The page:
GibsonES335
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Re: Any retired person have stocks and cash I was thinking about a 70/30

Post by GibsonES335 » Fri Aug 16, 2019 2:13 pm

In addition to risk tolerance, which only you know, there are a few other things which are important to know. What % of your NW is your yearly expenses? If you need to have a 4% withdrawal rate, say, you will want to make sure that you have enough of a stock allocation to minimize Risk of Ruin given that withdrawal rate. If your withdrawal rate is only 2.5%, you can afford to have a lower stock allocation and maintain the same Risk of Ruin. To put it differently, there are two types of "risks" for you. The first is market volatility and the second is the risk of your portfolio being depleted while you are still alive.

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KlingKlang
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Re: Any retired person have stocks and cash I was thinking about a 70/30

Post by KlingKlang » Fri Aug 16, 2019 2:18 pm

At your asset level you could just stuff the money in your mattress (don't actually do that) and be good. Realistically speaking any well diversified asset allocation between 80/20 and 20/80 will turn out fine.

I would spend some time looking at your projected tax situation. What percentage of your holdings are tax-deferred, tax-except, and after tax? Do you live in a high tax state? If you are in a low tax situation now but will encounter large RMDs later there are a number of actions that you can take.

delamer
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Re: Any retired person have stocks and cash I was thinking about a 70/30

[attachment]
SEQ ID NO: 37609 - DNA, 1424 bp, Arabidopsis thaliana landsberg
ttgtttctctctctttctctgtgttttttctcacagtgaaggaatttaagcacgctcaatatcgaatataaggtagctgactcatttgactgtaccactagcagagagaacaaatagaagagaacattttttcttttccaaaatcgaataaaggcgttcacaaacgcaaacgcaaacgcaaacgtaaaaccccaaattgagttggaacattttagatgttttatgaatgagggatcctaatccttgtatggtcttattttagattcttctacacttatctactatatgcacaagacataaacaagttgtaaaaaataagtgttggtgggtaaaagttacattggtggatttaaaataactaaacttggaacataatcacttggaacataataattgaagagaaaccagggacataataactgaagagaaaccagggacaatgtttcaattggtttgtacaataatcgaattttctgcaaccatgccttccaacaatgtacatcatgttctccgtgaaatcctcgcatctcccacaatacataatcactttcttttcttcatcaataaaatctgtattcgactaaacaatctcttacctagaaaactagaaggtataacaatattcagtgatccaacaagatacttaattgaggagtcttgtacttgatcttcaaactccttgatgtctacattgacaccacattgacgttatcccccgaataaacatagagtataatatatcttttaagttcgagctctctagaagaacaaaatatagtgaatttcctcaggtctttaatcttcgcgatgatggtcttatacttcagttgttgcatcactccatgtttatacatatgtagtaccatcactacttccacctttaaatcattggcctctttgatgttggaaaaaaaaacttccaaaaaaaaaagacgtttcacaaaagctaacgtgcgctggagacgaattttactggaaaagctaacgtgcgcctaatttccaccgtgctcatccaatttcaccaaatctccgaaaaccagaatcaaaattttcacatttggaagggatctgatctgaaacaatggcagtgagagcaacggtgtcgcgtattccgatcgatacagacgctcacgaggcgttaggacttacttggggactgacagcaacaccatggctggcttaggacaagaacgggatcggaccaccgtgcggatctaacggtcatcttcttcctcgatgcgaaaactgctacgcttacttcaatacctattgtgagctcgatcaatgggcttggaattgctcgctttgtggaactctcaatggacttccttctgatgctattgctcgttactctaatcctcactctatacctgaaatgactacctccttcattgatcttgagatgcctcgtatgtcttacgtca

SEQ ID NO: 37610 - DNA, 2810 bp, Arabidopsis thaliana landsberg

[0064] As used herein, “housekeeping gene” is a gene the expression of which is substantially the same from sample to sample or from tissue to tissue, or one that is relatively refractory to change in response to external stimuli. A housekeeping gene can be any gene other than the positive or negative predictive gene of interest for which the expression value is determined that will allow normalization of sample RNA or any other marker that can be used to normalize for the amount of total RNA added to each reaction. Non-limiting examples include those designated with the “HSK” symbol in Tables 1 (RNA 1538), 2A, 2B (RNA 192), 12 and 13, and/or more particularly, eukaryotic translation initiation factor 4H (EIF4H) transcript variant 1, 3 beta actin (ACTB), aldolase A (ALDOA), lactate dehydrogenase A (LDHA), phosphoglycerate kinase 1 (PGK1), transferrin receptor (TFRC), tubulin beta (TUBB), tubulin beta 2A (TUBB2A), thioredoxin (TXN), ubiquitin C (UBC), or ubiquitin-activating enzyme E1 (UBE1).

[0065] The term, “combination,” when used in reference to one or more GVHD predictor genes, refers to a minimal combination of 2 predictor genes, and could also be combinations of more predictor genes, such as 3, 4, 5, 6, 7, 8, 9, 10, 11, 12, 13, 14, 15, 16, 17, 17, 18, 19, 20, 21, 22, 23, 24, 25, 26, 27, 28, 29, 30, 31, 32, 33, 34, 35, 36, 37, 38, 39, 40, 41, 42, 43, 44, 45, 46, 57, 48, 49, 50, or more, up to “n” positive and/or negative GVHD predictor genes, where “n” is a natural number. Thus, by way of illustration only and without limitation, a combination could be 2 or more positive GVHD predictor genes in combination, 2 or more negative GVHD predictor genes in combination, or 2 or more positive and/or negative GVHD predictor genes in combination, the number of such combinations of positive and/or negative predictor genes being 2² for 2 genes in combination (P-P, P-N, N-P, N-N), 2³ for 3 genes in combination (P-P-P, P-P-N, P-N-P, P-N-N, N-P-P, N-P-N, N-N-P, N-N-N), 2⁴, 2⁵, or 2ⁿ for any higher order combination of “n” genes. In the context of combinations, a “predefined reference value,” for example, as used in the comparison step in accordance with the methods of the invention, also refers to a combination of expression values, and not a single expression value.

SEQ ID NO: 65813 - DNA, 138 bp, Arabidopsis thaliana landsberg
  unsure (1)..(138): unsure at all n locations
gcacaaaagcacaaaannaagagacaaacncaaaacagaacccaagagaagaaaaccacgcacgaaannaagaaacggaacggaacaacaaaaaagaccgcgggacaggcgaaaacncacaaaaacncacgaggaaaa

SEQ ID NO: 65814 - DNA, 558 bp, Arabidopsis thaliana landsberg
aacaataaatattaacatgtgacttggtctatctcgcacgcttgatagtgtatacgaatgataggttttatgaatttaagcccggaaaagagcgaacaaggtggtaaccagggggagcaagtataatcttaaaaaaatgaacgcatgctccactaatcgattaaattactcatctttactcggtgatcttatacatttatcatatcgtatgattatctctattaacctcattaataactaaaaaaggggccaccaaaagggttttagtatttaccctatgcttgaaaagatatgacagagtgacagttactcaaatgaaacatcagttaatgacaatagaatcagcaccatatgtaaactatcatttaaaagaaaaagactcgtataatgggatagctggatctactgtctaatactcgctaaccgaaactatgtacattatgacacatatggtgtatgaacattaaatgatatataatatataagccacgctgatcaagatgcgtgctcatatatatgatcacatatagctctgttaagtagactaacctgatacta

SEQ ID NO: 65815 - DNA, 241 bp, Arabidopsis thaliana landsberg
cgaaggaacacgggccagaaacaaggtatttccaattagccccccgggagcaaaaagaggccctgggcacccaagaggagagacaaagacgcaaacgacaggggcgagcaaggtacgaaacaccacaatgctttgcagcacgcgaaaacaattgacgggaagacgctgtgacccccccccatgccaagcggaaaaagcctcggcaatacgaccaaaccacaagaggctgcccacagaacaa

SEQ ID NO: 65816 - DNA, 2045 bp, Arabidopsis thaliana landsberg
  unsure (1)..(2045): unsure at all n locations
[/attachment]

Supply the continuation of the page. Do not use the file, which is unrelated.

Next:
Post by delamer » Fri Aug 16, 2019 2:31 pm

catalina355 wrote:
Fri Aug 16, 2019 1:47 pm
delamer wrote:
Fri Aug 16, 2019 1:19 pm
SandysDad wrote:
Fri Aug 16, 2019 12:52 pm
I'm not retired but when I am I think I'll keep 5 years living expense in a stable value fund and the remainder 100% stocks.
I used to think this way, then I realized that is 80/20 based on 4% wr. How would i rebalance in a long term down market to stay at 80/20. If the market went down by 1/2 I would have to use much of that cash to buy stocks to keep it at 80/20. In other words if one plans to rebalance 80/20 will require you to use much of your five year reserve to buy stocks and doing that might cause much discomfort if what is left is only 1-3 years in cash.
Not necessarily. What miamivice is talking about doesn’t require rebalancing the way ii is normally discussed here.

S/he could decide not to replenish the stable value fund until down to 2 years of expenses, for example. That would get through most stock market downturns.

Remember the philosophy is to invest all money not intended to cover short-term expenses in stocks; it is not to maintain a specific allocation.
[/quote]

It's an interesting idea. It seems the general advice is to have a 50/50 or 60/40 (or perhaps a more conservative) allocation in retirement. Is the above approach not riskier?
[/quote]

That would depend in part on what is included in your bond allocation in the 50/50 or 60/40 scenarios.

Junk bonds are a lot different than Treasury bonds.

And what type of risk you are concerned about.

Inflation risk is different than principal risk.

colodane
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Re: Any retired person have stocks and cash I was thinking about a 70/30

Post by colodane » Fri Aug 16, 2019 3:34 pm

Forgive me if I missed it somewhere in the above posts, but how old are you?

A 55 year old retired person most likely has a different outlook than a 95 year old retired person.

Assuming that most of us are between these extremes, our thinking will still vary.

As one data point, I am 76 and currently have 26% in equities and 74% in bonds and money markets. About a 2% withdrawal rate. But that's just me.

catalina355
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Re: Any retired person have stocks and cash I was thinking about a 70/30

Post by catalina355 » Fri Aug 16, 2019 3:38 pm

delamer wrote:
Fri Aug 16, 2019 2:31 pm
catalina355 wrote:
Fri Aug 16, 2019 1:47 pm
delamer wrote:
Fri Aug 16, 2019 1:19 pm
SandysDad wrote:
Fri Aug 16, 2019 12:52 pm
I'm not retired but when I am I think I'll keep 5 years living expense in a stable value fund and the remainder 100% stocks.